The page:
Yet Trump has ignored a potential disaster for America's blue-collar workers much larger than the loss of a few thousand jobs: a growing crisis for major pension funds that threatens to dramatically cut the retirement savings of hundreds of thousands of unionized workers, many of whom have already begun their retirement.
Fixing that system ought to be a natural priority for Trump, not only because policy solutions already exist that will help save American workers' nest eggs, but also because doing so would help secure Donald Trump's own union pension.
Yes, you read that right: Donald Trump has union pension.
Among the many remarkable discoveries found in Trump's limited financial disclosures to date is the fact that the self-proclaimed billionaire real-estate mogul was, as recently as 2015, still collecting a $168,000 pension — and maybe more — from the Screen Actors Guild for playing himself in The Apprentice. A spokesperson for the Trump transition team did not immediately respond to Mic's inquiry about whether Trump still received his SAG pension in 2016.
Now that Trump is about to be president, the most important question is: What is Trump's plan to save the system that is designed to protect millions of union pensions like his own?
Collectively bargained pension plans pay out a certain amount of money every year regardless of market conditions. Yet, over the past few years, a number of large collectively bargained pension funds — known in the industry as "multiemployer plans" — have faced serious financial trouble due in part to declining unionization, job losses in unionized industries and the lasting effects of the Great Recession.
Not all the large pension funds are unstable — the SAG-AFTRA fund that pays Trump has been in good shape for the past six years — but millions of workers' retirements are at risk as many pensions and the systems that back them up are in grave shape.
In 2014, Congress responded to the financial distress in the unstable plans by passing the controversial Multiemployer Pension Reform Act (MPRA), which allowed multiemployer pension plans — with the approval of the U.S. Treasury Department — to cut benefits to current retirees. Prior to the passage of MPRA, pension funds could make changes to cut benefits to future retirees but couldn't cut benefits for those who were already in retirement. In other words, for the first time ever, Congress allowed pension funds to cut the monthly payments they make to people who are already in retirement and relying on such payments to get by.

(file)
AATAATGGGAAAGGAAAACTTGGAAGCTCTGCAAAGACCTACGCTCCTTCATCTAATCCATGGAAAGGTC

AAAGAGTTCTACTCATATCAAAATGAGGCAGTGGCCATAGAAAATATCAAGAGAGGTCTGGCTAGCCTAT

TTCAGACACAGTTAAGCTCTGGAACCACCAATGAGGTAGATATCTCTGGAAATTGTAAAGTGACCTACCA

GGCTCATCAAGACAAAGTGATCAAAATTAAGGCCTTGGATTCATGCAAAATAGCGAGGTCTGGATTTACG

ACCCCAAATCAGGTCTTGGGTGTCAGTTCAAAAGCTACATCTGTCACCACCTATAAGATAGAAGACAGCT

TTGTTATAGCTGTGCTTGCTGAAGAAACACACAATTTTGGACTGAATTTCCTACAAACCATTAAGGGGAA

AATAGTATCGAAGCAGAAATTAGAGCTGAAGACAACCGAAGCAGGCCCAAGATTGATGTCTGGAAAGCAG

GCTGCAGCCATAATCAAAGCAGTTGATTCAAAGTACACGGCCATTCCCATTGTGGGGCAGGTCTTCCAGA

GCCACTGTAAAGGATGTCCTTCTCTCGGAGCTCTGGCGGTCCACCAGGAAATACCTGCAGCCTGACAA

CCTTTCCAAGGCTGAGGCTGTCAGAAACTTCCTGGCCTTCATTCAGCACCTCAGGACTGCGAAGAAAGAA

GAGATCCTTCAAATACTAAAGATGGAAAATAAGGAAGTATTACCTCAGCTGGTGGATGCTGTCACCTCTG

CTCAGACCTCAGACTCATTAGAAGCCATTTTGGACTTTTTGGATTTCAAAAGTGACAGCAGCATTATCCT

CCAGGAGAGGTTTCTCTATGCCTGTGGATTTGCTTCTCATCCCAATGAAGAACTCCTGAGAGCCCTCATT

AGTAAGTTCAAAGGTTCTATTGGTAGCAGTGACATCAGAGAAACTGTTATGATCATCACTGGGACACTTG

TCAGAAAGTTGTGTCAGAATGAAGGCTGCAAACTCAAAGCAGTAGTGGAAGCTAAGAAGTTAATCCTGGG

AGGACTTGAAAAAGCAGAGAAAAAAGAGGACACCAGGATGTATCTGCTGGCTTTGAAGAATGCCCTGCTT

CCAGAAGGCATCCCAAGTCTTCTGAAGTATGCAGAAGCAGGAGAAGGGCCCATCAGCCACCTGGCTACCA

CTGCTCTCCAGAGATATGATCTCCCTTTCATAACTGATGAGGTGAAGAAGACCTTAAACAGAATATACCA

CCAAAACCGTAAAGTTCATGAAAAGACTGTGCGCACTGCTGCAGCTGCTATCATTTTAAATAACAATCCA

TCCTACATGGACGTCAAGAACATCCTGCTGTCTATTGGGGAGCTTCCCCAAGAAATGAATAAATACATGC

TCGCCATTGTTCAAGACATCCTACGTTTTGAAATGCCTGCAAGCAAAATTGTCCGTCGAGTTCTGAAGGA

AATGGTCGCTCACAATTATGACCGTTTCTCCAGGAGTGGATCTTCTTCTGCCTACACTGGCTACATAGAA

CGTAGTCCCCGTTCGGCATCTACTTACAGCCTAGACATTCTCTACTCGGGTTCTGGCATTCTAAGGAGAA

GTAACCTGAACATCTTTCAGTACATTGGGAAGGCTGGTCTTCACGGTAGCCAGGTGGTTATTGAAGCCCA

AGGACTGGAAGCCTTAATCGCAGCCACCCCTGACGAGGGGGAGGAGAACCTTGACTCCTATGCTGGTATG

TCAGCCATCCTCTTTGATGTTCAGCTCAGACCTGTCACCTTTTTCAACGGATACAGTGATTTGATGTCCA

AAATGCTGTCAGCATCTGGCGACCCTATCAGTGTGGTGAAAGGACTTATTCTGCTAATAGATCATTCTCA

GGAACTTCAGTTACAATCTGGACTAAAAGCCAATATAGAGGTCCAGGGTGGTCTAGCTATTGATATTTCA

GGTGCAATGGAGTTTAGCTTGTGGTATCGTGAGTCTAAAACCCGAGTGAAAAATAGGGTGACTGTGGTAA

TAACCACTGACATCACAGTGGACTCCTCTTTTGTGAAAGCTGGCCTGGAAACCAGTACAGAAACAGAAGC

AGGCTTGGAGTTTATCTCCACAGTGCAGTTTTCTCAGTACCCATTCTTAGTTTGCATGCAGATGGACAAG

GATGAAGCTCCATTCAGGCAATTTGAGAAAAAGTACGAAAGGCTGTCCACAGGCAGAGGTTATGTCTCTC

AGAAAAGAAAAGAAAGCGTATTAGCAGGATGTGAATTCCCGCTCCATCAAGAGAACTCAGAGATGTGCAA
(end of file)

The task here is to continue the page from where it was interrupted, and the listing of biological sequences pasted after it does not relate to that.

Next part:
The U.S. Treasury approved the first of these plans in December, cutting benefits to hundreds of retired ironworkers who were members of the Iron Workers Local 17 in Cleveland. Karen Friedman, executive vice president of the Pension Rights Center, has already beseeched Donald Trump to help save the ironworkers' pensions in an op-ed for the Cleveland Plain Dealer.
The picture is more bleak for other workers. In May, the U.S. Treasury rejected a proposal to cut the benefits for plans in the Central States Pension Fund — which covers more than 400,000 workers across the U.S., most of whom are truck drivers — because the cuts would not make the fund solvent. "At this time, only government funding will prevent Central States participants from losing their benefits entirely," the director of the fund wrote in a May letter to beneficiaries.
Central States isn't the only troubled, large pension fund that the MPRA is ill-suited to rescue.
"The large plans have deteriorated enough that you can't cut benefits enough to save the plan," Michael Kreps, former senior counsel to the Senate Committee on Health, Education, Labor and Pensions, said in an interview.
Normally when a plan becomes insolvent, pensioners can recoup some of their lost nest egg through a government-created insurance program called the Pension Benefit Guarantee Corporation (PBGC). But that insurance covers just a fraction of the amount paid out by the original plan. What's more, the PBGC is currently facing its own crisis: Absent some action from Congress, the PBGC's insurance fund for multiemployer pensions is projected to be insolvent within the next 10 years, meaning little to no help for pensioners in failing plans.
There are solutions to this crisis that a Trump administration could pursue if they are serious about helping workers and retirees. A bill sponsored by former presidential candidate Bernie Sanders called the Keep Our Promises Act would help save multiemployer pension plans without making cuts to current benefits by providing federal funds to the PBGC and giving it new authority to help struggling plans.
The Republican Congress is unlikely to pursue progressive legislation like the Keep Our Promises Act, but Trump, who has been more than willing to use his bully pulpit, could pressure them. Plus, helping secure the multiemployer pension system means doing something Trump has been more than willing to do: look out for his own interests.